C 2 (n)
worst
Could use the master thm too!
How many comparisons
is needed for this Merge?
Div. & Conq.: Mergesort(contd.)
•
•
•
•
Worst-case of Mergesort is Θ(nlgn)
Average-case is also Θ(nlgn)
It is stable but quicksort and heapsort are not
Possible improvements
– Implement bottom-up. Merge pairs of elements, merge
the sorted pairs, so on… (does not require recursionstack anymore)
– Could divide into more than two parts, particularly useful
for sorting large files that cannot be loaded into main
memory at once: this version is called “multiway
mergesort”
• Not in-place, needs linear amount of extra
memory
– Though we could make it in-place, adds a bit more
“complexity” to the algorithm
Div. & Conq.: Quicksort
• Another divide and conquer based
sorting algorithm, discovered by C.
A. R. Hoare (British) in 1960 while
trying to sort words for a machine
translation project from Russian to
English
• Instead of “Merge” in Mergesort,
Quicksort uses the idea of
seen with “Lomuto Partition”
Div. & Conqr.: Quicksort (contd.)
A[0]…A[n-1]
A[0]…A[s-1] A[s] A[s+1]…A[n-1]
all are ≤ A[s]
all are ≥ A[s]
Notice:
A[s] is in it’s
In Mergesort
final position
all work is in
combining the
partial solutions.
Now continue working with
In Quicksort all
these two parts
work is in dividing
the problem,
Combining does not require any work!
Div. & Conqr.: Quicksort (contd.)
ALGORITHM Quicksort(A[l..r])
//Sorts a subarray by quicksort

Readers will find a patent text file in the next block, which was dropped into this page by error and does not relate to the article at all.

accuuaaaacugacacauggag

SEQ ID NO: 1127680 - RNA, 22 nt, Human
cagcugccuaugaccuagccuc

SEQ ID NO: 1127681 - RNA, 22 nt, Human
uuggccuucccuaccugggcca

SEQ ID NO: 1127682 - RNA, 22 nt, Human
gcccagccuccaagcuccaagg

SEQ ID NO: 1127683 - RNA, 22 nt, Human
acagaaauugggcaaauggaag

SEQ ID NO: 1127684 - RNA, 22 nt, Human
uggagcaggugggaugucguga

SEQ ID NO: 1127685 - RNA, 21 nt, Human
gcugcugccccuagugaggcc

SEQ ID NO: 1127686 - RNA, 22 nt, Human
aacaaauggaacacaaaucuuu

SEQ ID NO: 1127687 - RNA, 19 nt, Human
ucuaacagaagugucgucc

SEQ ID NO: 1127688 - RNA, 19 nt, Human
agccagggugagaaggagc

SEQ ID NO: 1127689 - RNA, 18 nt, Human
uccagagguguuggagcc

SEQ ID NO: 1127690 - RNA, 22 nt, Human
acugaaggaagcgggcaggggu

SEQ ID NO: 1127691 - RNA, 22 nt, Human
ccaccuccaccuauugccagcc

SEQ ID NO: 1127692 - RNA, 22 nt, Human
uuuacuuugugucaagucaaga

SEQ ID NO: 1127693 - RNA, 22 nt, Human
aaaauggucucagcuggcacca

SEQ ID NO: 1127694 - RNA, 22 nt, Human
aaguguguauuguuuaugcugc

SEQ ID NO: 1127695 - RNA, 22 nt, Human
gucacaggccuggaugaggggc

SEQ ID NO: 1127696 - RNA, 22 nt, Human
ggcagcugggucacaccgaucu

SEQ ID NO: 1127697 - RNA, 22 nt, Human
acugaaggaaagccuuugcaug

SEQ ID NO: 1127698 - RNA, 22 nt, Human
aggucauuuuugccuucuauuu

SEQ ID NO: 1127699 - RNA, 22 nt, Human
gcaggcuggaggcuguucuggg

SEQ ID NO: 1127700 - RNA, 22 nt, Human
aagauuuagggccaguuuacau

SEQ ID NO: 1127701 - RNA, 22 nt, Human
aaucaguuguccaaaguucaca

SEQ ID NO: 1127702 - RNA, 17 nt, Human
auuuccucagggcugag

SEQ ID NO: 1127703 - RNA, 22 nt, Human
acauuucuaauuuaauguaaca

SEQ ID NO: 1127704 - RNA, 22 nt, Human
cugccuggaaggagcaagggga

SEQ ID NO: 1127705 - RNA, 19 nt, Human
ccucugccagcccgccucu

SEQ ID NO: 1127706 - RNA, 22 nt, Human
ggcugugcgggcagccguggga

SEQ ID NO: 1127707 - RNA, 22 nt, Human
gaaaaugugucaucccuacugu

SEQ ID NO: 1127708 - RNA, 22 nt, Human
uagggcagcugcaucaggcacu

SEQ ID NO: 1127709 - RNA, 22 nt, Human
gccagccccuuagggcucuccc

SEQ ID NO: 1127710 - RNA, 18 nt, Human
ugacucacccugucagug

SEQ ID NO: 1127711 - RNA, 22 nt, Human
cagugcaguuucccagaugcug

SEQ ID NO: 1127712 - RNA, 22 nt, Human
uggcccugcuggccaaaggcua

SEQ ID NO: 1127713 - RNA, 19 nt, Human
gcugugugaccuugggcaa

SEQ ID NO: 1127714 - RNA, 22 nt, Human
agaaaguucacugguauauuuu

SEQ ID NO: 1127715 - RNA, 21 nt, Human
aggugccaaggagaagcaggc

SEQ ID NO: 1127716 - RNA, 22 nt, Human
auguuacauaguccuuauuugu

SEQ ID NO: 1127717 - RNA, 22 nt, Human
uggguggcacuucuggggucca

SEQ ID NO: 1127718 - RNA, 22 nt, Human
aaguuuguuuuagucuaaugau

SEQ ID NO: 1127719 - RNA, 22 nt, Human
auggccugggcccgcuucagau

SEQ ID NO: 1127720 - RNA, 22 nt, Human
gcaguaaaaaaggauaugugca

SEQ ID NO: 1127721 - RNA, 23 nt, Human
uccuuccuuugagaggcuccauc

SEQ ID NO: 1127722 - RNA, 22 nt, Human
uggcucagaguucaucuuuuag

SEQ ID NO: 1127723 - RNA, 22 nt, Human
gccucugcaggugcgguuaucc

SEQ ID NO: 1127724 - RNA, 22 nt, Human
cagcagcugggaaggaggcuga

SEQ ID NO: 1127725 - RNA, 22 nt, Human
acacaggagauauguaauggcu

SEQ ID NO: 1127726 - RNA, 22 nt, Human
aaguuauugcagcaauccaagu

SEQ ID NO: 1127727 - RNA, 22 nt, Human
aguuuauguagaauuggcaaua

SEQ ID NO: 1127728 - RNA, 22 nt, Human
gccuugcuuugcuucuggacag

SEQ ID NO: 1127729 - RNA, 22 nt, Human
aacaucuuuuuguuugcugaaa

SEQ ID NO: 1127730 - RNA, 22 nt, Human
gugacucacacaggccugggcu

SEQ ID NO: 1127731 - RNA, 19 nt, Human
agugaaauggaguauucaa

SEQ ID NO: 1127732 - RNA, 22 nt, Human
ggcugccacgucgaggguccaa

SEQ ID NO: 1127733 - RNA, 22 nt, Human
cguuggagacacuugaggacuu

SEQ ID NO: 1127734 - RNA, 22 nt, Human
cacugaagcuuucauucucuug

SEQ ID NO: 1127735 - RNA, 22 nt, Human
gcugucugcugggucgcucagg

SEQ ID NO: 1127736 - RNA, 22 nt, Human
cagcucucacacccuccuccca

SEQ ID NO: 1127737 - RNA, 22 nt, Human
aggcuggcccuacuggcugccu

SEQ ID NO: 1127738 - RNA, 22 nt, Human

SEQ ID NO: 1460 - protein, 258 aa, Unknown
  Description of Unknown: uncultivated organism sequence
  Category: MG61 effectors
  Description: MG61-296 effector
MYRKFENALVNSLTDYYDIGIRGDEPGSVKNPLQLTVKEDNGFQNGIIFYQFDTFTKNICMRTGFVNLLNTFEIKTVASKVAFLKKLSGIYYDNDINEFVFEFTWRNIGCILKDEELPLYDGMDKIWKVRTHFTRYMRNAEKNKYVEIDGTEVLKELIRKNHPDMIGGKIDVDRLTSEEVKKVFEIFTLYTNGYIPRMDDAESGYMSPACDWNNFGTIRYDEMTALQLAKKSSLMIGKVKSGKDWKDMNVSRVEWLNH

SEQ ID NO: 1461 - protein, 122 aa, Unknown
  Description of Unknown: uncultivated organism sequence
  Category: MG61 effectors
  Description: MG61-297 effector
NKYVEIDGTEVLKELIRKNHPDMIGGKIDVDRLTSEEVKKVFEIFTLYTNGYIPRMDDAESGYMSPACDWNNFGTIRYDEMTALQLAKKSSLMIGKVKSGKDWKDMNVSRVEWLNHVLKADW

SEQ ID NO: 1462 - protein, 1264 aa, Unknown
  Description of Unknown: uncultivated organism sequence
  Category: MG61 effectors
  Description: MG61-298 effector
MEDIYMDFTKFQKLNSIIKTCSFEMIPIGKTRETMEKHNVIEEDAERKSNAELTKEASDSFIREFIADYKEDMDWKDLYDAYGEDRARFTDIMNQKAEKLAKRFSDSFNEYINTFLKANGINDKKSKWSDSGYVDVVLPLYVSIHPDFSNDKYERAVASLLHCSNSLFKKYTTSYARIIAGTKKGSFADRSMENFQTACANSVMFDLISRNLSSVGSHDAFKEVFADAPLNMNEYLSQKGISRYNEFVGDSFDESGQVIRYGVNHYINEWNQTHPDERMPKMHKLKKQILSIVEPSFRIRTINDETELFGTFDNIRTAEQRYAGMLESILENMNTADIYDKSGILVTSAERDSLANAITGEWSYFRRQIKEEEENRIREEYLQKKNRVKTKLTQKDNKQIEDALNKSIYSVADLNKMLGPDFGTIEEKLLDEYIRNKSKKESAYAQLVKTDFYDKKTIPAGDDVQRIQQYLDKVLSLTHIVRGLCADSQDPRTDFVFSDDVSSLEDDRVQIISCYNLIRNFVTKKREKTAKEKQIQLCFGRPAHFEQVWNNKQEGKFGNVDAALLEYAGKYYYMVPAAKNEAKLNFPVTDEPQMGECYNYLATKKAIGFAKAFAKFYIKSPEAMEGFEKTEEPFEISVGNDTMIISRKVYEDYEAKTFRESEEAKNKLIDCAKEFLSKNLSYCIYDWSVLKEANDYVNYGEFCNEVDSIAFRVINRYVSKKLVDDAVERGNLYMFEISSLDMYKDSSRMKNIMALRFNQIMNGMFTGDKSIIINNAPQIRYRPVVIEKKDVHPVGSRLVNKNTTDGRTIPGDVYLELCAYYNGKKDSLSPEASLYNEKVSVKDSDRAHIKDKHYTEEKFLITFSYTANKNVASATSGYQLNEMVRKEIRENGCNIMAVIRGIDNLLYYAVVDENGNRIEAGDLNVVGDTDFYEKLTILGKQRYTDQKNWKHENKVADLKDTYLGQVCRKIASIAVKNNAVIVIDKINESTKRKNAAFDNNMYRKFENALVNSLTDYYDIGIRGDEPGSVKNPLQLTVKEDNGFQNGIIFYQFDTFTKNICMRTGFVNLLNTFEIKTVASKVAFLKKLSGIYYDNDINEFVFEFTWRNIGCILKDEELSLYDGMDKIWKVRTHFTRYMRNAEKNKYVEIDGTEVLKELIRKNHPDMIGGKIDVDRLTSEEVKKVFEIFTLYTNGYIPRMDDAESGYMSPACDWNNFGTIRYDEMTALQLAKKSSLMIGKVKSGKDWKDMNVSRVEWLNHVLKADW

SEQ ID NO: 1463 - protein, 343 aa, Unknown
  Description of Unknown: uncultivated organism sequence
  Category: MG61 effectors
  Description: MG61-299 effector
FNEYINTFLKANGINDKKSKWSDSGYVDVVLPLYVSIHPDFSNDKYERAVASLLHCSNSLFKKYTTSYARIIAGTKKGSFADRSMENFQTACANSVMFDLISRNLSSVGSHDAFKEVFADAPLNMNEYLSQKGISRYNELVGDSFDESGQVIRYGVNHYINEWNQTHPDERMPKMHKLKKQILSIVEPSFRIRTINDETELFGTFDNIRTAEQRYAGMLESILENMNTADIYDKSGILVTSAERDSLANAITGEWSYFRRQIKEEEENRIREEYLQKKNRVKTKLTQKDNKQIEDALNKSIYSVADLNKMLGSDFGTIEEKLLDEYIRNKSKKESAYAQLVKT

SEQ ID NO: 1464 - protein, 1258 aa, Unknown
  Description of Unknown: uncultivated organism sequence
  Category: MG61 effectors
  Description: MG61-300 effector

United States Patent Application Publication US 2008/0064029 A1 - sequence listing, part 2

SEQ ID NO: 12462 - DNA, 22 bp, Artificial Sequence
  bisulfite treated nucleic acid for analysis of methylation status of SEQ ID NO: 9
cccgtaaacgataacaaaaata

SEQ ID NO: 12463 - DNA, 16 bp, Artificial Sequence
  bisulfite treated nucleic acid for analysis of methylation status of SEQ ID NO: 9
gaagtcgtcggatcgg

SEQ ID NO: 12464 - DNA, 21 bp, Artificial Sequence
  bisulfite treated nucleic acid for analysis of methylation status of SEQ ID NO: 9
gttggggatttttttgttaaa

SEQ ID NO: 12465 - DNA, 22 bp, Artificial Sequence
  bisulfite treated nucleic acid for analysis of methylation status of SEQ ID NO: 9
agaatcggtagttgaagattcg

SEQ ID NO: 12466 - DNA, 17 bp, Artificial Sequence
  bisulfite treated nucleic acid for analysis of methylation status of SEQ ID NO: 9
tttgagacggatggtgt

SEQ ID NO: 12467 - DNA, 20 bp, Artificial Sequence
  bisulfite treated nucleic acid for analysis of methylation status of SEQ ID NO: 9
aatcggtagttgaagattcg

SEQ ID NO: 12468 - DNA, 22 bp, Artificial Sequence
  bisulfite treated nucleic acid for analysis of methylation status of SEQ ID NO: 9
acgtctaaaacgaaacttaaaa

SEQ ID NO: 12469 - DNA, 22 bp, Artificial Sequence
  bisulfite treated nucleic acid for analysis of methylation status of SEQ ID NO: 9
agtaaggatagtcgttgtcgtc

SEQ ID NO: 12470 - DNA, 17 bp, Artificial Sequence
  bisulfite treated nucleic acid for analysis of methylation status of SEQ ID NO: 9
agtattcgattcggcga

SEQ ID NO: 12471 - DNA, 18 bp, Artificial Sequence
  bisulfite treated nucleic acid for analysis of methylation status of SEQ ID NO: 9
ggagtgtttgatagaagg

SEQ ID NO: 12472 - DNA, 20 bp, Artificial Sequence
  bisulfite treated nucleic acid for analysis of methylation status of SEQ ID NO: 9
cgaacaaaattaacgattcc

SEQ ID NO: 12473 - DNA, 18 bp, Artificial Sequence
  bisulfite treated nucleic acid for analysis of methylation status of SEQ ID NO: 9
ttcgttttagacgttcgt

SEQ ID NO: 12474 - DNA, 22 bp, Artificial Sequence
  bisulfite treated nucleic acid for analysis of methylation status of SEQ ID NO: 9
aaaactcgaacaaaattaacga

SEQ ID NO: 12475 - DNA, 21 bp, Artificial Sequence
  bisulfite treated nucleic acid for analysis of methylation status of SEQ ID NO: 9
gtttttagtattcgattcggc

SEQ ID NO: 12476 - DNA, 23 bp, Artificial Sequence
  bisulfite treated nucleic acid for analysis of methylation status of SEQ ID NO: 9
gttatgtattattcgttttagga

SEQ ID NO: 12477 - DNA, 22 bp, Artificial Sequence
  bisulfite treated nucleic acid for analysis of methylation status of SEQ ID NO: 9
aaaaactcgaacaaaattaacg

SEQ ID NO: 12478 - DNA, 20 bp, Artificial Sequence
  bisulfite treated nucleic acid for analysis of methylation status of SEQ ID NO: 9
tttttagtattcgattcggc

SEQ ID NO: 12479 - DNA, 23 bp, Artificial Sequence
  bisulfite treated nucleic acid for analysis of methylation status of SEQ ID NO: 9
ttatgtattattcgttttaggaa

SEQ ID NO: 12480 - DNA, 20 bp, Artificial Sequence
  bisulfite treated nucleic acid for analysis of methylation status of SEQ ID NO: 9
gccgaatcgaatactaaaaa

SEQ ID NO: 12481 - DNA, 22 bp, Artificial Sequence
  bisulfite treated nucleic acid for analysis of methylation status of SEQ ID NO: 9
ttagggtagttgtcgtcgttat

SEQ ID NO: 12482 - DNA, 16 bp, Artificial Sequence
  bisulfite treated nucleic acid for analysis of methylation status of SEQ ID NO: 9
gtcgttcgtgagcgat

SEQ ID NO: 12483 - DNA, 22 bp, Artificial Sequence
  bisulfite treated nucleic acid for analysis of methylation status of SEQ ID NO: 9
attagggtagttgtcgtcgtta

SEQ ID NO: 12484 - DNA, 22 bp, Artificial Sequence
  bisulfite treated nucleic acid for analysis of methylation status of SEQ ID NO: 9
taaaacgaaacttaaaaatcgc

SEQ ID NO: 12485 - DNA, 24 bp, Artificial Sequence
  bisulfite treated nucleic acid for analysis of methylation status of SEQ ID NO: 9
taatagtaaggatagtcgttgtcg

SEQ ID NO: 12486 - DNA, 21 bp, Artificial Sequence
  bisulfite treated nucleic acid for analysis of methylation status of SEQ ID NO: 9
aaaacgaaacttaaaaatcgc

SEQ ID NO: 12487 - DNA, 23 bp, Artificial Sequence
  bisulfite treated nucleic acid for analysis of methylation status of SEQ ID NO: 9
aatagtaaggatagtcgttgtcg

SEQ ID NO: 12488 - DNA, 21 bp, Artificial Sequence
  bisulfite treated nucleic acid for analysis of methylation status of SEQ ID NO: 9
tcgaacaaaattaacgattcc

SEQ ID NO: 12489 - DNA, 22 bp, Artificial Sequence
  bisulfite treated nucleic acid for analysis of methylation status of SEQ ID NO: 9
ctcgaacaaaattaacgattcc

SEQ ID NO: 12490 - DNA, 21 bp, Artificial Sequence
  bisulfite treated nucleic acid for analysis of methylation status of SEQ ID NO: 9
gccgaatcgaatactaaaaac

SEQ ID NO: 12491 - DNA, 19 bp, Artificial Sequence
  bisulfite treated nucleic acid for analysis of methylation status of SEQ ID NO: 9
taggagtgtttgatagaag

//Input: Subarray of array A[0..n-1] defined by its
//left and right indices l and r
//Output: Subarray A[l..r] sorted in nondecreasing
//order
if l < r
s <- Partition( A[l..r] ) // s is a split position
Quicksort( A[l..s-1] )
Quicksort( A[s+1]..r )
Div. & Conqr.: Quicksort (contd.)
• As a partition algorithm we could use
“Lomuto Partition”
• But we shall use the more sophisticated
• We start by selecting a “pivot”
• There are various strategies to select the
pivot, we shall use the simplest: we shall
select pivot, p =A[l], the first element of
A[l..r]
Div. & Conqr.: Quicksort (contd.)
p
p
≤p
≥p
p
i
j
If A[i] < p, we continue incrementing i, stop when A[i] ≥ p
If A[j] > p, we continue decrementing j, stop when A[j] ≤ p
p
all ≤ p
p
all ≤ p
p
j
≤p
i
≥p
all ≤ p
j i
≤p ≥p
all ≥ p
all ≥ p
j=i
=p
all ≥ p
Div. & Conqr.: Quicksort (contd.)
ALGORITHM HoarePartition(A[l..r])
//Output: the split position
p <- A[l]
i could go out of array’s
bound, we could check
i <- l; j <- r+1
or we could put a “sentinel”
at the end…
repeat
Do you see any
repeat i <- i+1 until A[i] ≥ p
possible problem
with this pseudocode ? repeat j <- j-1 until A[j] ≤ p
swap( A[i], A[j] )
until i ≥ j
swap( A[i], A[j] ) // undo last swap when i ≥ j
swap( A[l], A[j] )
return j
More sophisticated pivot selection
that we shall see briefly makes this
“sentinel” unnecessary…
Div. & Conqr.: Quicksort (contd.)
j
i
5 3 1 9 8 2 4 7
j
i
2 3 1 4 5 8 9 7
j
i
5 3 1 9 8 2 4 7
i j
2 3 1 4 5 8 9 7
j
i
5 3 1 4 8 2 9 7
i j
2 1 3 4 5 8 9 7